Reindeer Culture

I found this reading to be excessively refreshing and new.  Over the past couple of weeks the investigation on the definition and creation of domestication, although interesting, has become frustrating as of late.  It is becoming increasingly obvious to me that these inquiries have no set answer or even set boundaries of theories.  I enjoyed the emphasis on culture and its relationship with domestication present throughout this book and how the author did not harp on what domestication is as a whole, but rather what it meant to a certain group of people.

The respect for the reindeer evident throughout history and culture really spiked my interest.  The symbol of the reindeer seemed to be much more than a product of a relationship between people and animal.  For example, even after the reindeer retreated up north as temperatures began to rise, people still dressed horses as reindeer and made paintings of reindeer.  Why where reindeer still a major part of a culture even after their departure?  Horses replaced the roles of the reindeer but still weren’t as integrated in the culture of the time as reindeer to the extent that horses were actually made to look like reindeer.

Another topic that created more questions than answers for me was the conversation on the domestication of reindeer.  People native to North America have never domesticated the reindeer whereas in Siberia reindeer have been.  This is a trend unique to reindeer that is not present in other species.  When other species became domesticated they were actually taken to other parts of the world, for the most part, making their domestication a universal thing yet reindeer are present as wild and domesticated, in almost even amounts.

This takes me back to reindeer and their part in the culture of the “Reindeer People” and reminds me of the article by Ingold. The respect between the Reindeer People and their reindeer provides an example of the trust Ingold discusses in his article.  The most interesting part of this reading for me was the interaction between domestic and post domestic society.  It is clear that Piers does not condone the restrictions and changes that the Russian government implemented on the Reindeer people.  My favorite quote of the reading addresses the conflict between domestic and post domestic society perfectly:

“As with any ideal world set up by the gods who then retreated back to a distant heaven, it had been impossible to stick to this blueprint.”

Clearly there is a lack of understanding between these two parties and it has affected the culture the Reindeer People.  Due to Piers’ close relationship with the Reindeer People he must have a biased opinion on this subject but he does present positive and negative by products of such a conflict.  Of these I found the positive very important because obviously there is going to be negative impacts on a people subjected to rules that don’t have their best intentions in mind.  Out of all the negative impacts, Piers presented a positive one with the story of the boy who provided scientific reasoning behind his carvings of a dead carcass while the father provided reasoning based on myth.  Does this prove that the post domestic thought of the Russian government can benefit the domestic culture of the Reindeer People or are the ways of these people efficient enough?  Efficiency of a post domestic society varies greatly from that of a society like the Reindeer People, who have already been forced to change their ways to provide meat to a third party.  How can a system set up to fulfill one culture be altered to meet the needs of a separate culture?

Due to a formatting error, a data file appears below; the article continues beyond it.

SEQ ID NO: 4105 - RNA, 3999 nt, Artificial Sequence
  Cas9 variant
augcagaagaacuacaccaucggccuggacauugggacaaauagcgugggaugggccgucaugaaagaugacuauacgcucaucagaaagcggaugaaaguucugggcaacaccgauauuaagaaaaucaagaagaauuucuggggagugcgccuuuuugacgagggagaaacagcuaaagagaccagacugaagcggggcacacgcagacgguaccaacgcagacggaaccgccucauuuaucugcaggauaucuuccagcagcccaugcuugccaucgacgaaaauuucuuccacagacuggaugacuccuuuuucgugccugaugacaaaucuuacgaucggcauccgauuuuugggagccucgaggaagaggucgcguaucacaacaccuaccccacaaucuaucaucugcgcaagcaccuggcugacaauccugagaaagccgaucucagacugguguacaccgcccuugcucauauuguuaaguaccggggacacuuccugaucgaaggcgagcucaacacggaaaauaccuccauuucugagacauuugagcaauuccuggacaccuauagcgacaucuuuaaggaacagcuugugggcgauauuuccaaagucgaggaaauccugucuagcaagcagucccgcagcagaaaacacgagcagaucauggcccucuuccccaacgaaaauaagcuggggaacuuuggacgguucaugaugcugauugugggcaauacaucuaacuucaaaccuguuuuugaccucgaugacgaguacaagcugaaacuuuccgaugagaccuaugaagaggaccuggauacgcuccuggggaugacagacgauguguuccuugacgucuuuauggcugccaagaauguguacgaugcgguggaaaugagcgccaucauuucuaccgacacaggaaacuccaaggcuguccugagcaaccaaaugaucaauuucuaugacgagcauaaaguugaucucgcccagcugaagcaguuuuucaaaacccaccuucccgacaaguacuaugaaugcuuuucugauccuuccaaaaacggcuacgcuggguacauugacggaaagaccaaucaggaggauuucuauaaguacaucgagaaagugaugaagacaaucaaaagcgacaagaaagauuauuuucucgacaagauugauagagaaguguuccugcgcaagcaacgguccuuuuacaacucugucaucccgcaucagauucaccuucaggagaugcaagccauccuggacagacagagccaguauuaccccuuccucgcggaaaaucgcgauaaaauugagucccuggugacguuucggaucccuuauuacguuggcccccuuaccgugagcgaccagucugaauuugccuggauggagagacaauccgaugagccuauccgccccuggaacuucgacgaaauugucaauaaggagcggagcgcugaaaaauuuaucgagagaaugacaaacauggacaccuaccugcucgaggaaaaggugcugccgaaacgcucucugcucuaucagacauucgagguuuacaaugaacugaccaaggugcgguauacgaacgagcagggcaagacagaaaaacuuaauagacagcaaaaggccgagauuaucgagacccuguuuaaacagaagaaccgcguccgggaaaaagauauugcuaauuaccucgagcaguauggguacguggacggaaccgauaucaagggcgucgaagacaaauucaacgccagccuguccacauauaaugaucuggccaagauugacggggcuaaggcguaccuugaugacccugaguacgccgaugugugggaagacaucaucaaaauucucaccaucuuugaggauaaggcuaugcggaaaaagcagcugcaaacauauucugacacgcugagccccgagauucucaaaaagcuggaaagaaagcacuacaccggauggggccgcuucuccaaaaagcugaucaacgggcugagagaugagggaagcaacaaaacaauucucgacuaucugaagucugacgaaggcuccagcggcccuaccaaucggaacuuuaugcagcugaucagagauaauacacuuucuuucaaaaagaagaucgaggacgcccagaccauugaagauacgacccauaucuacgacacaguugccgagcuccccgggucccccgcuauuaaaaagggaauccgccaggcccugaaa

3 Responses to “Reindeer Culture”
  1. Bill Libby 19 February 2013 at 2:11 am #

    I think we can all agree that this reading has been refreshing and a much needed reprieve from the realm of scholarly speculation. It was nice to see these ideas in practice.

    In regards to the non-domestication of reindeer in North America, I think it’s important to ask ourselves 1) For what purpose the reindeer was domesticated in Siberia, 2) Was that purpose relevant to the needs of the ancient North Americans, and 3) Was there another domesticate that filled the same role as the reindeer in Siberia for less effort? Also, even though I have my issues with his theory, Diamond would probably argue that the North American reindeer/caribou wasn’t domesticated because it is incapable of being domesticated.

    • 13yankeesfan 19 February 2013 at 3:56 am #

      So you think it was more of a difference in the species than a lack of cause or need in North America?

  2. A. Nelson 19 February 2013 at 3:08 pm #

    It’s complicated! I’ve set up the googledoc for today and cited an article that helps clarify this. You will probably need to sign in to the library’s proxy server to access the article.

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